Aug. 7 (UPI) -- Lebanese security forces and protesters clashed in Beirut as demonstrators took to the streets in anger as the death toll from Tuesday's devastating explosion continued to climb.
Officials said the death toll from the blast that damaged several city blocks in downtown Beirut has climbed to at least 157 but it is expected to further rise as search-and-rescue operations continue, Al Jazeera reported.
The blast near the Beirut port was the equivalent of a 3.3-magnitude earthquake that razed buildings and injured more than 5,000. Officials believe its cause was nearly 3,000 tons of ammonium nitrate stored at a nearby warehouse.
Protesters who blame the explosion on government negligence demonstrated near parliament Thursday night and clashed with security forces who attempted to disperse them with tear gas, the BBC reported.
Local law enforcement has arrested 16 people in connection to their investigation into the explosion.
The protests came as UNICEF, the U.N. agency that oversees humanitarian aid for youth, said some 80,000 children in Beirut have been displaced by the blast and families are in need of support.
"Over the past 24 hours, UNICEF continued to coordinate closely with authorities and partners on the ground to respond to the urgent needs of families affected, focusing on health, water and the well-being of children," Violet Speek-Warnery, UNICEF deputy representative in Lebanon, said in a statement, stating her organization immediately needs some $4.4 million.
At least 12 primary healthcare facilities in the city have been damaged, affecting some 120,000 people. At least one newborn died at a children's hospital that was destroyed, UNICEF said.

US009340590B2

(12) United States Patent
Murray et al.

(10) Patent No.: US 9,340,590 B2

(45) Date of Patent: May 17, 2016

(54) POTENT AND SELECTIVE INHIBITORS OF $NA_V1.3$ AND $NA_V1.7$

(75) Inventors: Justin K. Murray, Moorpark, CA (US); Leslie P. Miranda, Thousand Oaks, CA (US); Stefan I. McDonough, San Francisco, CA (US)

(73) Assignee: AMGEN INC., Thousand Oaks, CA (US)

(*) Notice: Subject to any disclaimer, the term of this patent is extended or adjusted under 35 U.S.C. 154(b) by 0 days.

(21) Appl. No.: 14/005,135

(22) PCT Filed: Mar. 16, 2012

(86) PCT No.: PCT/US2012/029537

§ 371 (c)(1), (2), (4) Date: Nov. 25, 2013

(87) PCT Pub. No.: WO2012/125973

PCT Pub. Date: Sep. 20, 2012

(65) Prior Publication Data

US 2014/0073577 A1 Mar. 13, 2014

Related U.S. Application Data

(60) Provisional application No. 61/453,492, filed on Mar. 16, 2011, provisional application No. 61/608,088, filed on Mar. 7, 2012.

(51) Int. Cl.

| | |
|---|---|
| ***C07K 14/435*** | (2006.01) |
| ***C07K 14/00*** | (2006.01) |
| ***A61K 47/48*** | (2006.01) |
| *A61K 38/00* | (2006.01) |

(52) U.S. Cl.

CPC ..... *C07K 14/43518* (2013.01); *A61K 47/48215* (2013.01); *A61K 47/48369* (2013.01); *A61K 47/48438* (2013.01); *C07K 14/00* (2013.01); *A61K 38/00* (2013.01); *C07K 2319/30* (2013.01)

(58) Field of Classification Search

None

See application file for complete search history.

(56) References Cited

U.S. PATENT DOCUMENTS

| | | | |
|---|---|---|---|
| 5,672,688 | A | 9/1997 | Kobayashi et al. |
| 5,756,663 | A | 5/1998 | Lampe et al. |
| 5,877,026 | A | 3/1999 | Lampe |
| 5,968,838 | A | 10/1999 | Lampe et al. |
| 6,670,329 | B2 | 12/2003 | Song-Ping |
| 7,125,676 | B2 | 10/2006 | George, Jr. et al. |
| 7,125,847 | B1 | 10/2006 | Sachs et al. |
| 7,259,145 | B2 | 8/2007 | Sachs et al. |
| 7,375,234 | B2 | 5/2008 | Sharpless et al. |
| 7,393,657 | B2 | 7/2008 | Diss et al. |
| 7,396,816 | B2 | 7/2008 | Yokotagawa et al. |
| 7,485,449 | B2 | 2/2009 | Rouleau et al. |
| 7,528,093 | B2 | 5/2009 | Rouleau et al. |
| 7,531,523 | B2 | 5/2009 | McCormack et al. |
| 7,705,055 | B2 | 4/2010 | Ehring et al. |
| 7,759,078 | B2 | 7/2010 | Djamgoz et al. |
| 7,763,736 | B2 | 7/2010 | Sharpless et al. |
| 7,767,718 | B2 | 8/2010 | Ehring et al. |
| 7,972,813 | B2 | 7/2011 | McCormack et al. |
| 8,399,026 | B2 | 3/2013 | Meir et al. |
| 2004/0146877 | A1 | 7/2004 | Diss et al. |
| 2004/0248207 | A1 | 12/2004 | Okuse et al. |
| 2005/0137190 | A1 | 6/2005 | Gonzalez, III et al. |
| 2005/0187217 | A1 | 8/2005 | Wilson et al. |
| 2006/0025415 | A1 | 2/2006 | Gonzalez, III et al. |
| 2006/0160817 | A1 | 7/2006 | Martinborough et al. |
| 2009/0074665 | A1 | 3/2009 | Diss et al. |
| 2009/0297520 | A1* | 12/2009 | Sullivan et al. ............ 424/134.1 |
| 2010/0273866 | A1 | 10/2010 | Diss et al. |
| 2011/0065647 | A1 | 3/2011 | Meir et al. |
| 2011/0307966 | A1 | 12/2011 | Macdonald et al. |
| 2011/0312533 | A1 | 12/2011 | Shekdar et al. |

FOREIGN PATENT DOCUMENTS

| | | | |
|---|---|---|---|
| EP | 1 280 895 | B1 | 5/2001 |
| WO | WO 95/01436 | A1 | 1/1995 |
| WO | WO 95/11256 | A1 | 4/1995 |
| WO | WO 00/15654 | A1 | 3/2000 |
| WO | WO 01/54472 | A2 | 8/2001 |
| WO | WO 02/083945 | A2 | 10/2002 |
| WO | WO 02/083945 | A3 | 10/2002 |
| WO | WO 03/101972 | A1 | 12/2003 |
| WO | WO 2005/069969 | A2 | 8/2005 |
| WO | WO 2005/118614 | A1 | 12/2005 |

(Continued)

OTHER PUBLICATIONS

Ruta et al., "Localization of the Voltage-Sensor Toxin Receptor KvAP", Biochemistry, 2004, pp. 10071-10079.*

The World Health Organization has asked the international community for $15 million to cover immediate emergency trauma and humanitarian health needs to combat COVID-19 in the city.
The blast occurred as the country is fighting an escalating outbreak of the coronavirus, recording a record 255 cases on Thursday, increasing its total number of infections to 5,672, according to data from its ministry of health.
"We are particularly concerned about overburdened hospital and health workforce capacity, shortages of medicines and medical supplies and the public health impact of the chemical fumes, especially on people with underlying health conditions," Dr. Iman Shankiti, WHO's representative to Lebanon, said in a statement. "The acute displacement of many people also risks accelerating the spread of COVID-19 and the outbreak of other diseases, including other respiratory and waterborne diseases."
The European Council on Thursday called on its partners in a letter to increase aid to Lebanon not only for its immediate needs but for its long-term reconstruction.
"In order to ensure efficiency and swift delivery, we stand ready to ensure the synergy of the aid that you and the EU as a whole will provide to Lebanon, through a coordination mechanism that the EU institutions will put in place," European Council President Charles Michel and European Commission President Ursula Von Der Leyen said in the joint letter.